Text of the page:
“But these aren’t just any Bibles; they’re solar-powered audible Bibles that can broadcast the holy scriptures in Haitian Creole to 300 people at a time.

        “The Faith Comes By Hearing organisation says its Bible, called the Proclaimer, delivers “digital quality” and is designed for “poor and illiterate people”.

        “It says 600 of the devices are already on their way to Haiti….”

        1. Jojo

          Yes, one of the things I noticed on the TV news reports were the large number of foreign people in Haiti who seemed to have some sort of affiliation with religious organizations.

          It almost seemed like to me that Haiti was perceived as the place to be for missionary people with plenty of souls needing saving.

          But since Haitians don’t have much money, where were these groups getting all the the $$ to support their work there?

          1. Anonymous Jones

            Ah, we are finally realizing that proselytizing has always worked on the Shock Doctrine as well.

            Crisis Proselytism?

      3. Jeff Rosenberg

        I was quite irked at you for linking to the Greg Palast piece, and commented on that site critiquing his very ill-informed rantings … not surprisingly, my comments are yet to appear 36 hours later. So I shall summarize here, for you.

        RE Palast’s fascination with Iceland’s speedy reaction: They comprise the designated “International Search and Rescue Team”, and were in the air “almost immediately”. Kudos to them, they met their agreed-upon readiness standards for international assistance. How is that supposed to reflect on the US response, precisely?

        RE “Slaughtered by slum housing and IMF “austerity” plans”: one could also say overpopulation, or corrupt gov’t, or a slew of other things. The proximate cause, however, was indeed an earthquake.

        RE China’s sending rescueres with sniffer dogs inside 48 hours: any mention of when the US sent our first rescue teams & sniffer dogs? Was it at 36 hours, 72 hours, or what? Not much of a comparison without the data.

        RE “Robert Gates said, ‘I don’t know how this government could have responded faster or more comprehensively than it has.’ We know Gates doesn’t know”: What exact measures that adhere to the physics of space/time would Mr Palast have had the US Gov’t do? Where’s the list of actions that were immediately feasible? Or is this just rhetorical nonsense?

        RE FEMA’s disaster response assets arranged along the Gulf Coast: Does Mr Palast have any evidence that this equipment isn’t already being tagged for Haitian relief? Does he assume that it isn’t merely because it isn’t already distributed in Haiti? Has he not heard of the logistical issues there? Has he not read of the reports of food & water being delivered (granted, not nearly enough yet) and the plans to evacuate some to the arriving ships?

      4. Jeff Rosenberg

        RE “Send in the Marines… The aircraft carrier USS Carl Vinson finally showed up after three days. With what? It was dramatically deployed — without any emergency relief supplies. It has sidewinder missiles and 19 helicopters”: Actually, press reports state the Haitians are BEGGING for the Marines, so I don’t see what Palast’s criticism is about. And yes, the USS Carl Vinson took three days to make it there; it’s a 90000 ton ship, and was at sea off North Carolina when the quake struck. Good luck repealing the laws of physics in making it any quicker. It didn’t bring “relief supplies” because it didn’t make a port call, it went straight to the scene; it sent it’s normal fixed wing aircraft to land and loaded up on choppers as it steamed. The carrier & choppers are a MAJOR ASSET: there’s plenty of AvGas onboard (the airport has none), and with the choppers the supplies coming off the cargo planes can be widely distributed across the disaster area … which is better than distributing over the roads at this point. Granted, it’s not enough … but it’s better than nothing, which is what there’d be otherwise.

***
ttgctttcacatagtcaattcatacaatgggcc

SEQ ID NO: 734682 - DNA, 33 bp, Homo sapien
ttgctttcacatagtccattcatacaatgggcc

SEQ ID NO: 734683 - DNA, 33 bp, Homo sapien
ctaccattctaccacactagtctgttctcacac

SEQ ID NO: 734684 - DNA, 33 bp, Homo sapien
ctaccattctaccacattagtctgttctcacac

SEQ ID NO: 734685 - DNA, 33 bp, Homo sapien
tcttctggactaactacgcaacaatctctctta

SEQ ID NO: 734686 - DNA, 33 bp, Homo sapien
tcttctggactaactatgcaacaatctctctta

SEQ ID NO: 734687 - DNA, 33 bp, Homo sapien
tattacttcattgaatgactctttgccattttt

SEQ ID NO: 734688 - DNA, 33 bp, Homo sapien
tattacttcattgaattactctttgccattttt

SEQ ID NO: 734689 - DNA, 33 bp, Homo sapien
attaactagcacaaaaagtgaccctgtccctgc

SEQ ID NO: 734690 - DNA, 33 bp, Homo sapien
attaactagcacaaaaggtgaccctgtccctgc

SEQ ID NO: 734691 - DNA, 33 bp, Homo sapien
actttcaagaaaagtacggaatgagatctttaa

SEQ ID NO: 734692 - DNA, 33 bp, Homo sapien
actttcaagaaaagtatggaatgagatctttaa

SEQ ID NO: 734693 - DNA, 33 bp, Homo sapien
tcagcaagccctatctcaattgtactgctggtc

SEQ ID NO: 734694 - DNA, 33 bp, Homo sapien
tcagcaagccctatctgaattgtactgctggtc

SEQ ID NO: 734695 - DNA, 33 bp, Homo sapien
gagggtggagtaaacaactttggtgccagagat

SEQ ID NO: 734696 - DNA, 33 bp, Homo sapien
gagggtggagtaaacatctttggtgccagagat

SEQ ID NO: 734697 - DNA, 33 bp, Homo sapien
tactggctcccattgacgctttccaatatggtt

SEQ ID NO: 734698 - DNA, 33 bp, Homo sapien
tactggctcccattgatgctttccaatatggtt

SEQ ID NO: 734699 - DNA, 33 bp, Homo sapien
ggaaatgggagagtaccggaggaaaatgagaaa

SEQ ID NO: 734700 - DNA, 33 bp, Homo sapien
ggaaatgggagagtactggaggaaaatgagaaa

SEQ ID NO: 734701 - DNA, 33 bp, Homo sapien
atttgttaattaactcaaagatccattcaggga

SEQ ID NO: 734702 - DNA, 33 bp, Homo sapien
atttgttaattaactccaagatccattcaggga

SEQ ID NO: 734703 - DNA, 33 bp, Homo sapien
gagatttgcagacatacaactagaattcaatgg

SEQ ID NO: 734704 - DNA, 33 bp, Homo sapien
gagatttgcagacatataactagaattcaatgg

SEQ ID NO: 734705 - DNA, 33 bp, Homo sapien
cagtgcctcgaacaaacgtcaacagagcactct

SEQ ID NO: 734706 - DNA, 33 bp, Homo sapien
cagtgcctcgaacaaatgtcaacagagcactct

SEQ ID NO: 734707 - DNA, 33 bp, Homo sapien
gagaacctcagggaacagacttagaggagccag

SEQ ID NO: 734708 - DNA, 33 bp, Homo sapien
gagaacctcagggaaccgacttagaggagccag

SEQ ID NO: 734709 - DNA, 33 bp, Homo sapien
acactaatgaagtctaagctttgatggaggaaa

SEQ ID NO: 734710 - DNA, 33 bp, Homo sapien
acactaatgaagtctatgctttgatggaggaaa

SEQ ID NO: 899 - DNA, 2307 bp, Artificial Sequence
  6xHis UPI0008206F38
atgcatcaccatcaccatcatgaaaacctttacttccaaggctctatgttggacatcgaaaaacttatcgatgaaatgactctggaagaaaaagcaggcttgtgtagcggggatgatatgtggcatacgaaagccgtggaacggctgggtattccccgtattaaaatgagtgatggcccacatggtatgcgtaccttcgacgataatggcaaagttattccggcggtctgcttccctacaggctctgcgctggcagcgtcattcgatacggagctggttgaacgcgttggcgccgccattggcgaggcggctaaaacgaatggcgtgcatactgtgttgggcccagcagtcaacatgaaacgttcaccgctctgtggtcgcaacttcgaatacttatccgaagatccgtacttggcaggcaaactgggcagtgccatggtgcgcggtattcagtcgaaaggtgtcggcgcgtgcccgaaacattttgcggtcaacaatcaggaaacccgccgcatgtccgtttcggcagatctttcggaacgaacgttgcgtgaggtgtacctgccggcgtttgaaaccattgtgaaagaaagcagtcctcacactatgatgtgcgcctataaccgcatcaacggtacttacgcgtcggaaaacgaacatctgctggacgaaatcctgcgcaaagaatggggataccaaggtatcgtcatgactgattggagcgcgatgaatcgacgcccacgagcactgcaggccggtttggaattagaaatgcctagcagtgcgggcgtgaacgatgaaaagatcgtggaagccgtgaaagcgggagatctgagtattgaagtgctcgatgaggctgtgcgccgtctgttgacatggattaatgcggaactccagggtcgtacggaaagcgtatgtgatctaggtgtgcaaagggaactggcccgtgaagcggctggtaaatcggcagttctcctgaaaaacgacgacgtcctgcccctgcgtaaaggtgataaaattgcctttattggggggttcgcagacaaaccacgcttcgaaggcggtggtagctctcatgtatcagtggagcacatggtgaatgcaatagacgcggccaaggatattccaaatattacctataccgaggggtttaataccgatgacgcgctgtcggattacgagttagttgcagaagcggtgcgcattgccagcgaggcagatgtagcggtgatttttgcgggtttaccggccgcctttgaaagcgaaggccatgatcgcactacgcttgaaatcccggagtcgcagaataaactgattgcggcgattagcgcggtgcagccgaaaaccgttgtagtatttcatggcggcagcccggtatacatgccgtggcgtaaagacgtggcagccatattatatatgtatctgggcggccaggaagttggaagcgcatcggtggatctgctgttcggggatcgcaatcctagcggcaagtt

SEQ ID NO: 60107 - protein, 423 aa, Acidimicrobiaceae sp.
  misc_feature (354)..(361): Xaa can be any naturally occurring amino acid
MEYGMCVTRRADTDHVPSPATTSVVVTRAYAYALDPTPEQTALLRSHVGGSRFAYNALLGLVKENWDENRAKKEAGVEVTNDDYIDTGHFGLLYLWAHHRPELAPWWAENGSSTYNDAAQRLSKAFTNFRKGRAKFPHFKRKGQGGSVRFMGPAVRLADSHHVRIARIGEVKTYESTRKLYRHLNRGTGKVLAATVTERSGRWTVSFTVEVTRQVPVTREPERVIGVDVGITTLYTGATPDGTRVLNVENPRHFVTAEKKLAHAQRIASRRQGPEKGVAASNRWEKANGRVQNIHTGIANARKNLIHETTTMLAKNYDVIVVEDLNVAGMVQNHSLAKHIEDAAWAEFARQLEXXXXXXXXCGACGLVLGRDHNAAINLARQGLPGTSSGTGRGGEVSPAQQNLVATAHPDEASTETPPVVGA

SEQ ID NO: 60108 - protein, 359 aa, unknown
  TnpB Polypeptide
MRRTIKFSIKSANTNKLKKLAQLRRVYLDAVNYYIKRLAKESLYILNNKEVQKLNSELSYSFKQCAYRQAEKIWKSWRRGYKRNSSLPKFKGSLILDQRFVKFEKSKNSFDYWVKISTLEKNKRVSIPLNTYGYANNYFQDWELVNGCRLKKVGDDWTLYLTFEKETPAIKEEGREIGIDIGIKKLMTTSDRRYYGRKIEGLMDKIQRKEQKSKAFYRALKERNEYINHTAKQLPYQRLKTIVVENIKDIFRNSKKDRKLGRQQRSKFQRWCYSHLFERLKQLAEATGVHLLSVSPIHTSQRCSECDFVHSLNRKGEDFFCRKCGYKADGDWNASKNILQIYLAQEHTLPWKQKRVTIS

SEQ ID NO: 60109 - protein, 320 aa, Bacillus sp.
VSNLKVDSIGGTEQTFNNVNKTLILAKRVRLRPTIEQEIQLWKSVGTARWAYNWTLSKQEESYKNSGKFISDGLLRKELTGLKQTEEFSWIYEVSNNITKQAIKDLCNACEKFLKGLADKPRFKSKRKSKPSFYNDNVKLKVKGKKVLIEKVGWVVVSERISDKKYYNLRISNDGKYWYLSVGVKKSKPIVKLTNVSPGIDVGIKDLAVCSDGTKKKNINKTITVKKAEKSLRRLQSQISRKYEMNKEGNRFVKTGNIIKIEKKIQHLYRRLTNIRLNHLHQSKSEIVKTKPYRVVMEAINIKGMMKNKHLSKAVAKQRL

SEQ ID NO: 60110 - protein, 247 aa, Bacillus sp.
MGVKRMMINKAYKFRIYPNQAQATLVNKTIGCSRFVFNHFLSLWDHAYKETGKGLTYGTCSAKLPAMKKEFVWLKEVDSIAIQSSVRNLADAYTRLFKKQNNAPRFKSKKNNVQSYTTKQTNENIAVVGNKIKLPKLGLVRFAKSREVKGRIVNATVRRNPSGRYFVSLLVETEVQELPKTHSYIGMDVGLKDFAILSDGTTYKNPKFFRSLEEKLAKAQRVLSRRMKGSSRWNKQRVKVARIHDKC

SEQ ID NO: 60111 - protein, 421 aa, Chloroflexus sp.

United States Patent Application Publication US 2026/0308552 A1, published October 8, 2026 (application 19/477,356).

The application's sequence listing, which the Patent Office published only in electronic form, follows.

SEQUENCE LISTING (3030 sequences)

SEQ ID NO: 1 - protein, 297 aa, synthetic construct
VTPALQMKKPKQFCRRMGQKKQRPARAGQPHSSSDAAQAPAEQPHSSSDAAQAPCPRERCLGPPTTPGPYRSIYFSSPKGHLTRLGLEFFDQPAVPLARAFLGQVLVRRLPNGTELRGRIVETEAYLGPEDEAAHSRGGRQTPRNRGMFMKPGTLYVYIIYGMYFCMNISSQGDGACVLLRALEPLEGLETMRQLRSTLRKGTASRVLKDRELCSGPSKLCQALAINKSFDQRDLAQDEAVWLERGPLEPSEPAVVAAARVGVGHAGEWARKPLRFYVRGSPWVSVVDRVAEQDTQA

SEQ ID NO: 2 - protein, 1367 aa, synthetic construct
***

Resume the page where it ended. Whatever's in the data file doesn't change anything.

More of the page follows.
RE the issue Sec Gates makes of security: remember the complaints about New Orleans’ lack of security right after Katrina? How is this not an issue DoD is going to consider?

        RE previous US Presidents moving troops ashore quickly in Haiti: does Palast have any information on how much PLANNING TIME was available to those Presidents and military forces? No? Unjust comparison.

        RE the naval hospital ship: It’s a Navy Reserve asset, not normally kept manned 24/7, as the Navy doesn’t normally need a hospital ship roaming the waves. Maybe Mr Palast would like to pay more for the Military-Industrial Complex and have it manned by docs & nurses 24/7? And pay even more to have a few more of these ships & personnel pre-positioned nearby any & all potential worldwide disaster areas?

      5. Jeff Rosenberg

        Yves wrote: “The issue is the US inaction/slow response on rescue (particularly give our resources and proximity) relative to other countries, plus when we finally did act, then deciding to assert control in a way that impeded effective delivery of assistance.”
        Yves, I have great respect for your blog commentaries & media appearances on financial, regulatory, and even political matters, but on this one I forecast you being very embarrassed when all the facts are laid out on the table (as they invariably will in some gov’t report) and you reconsider your statement.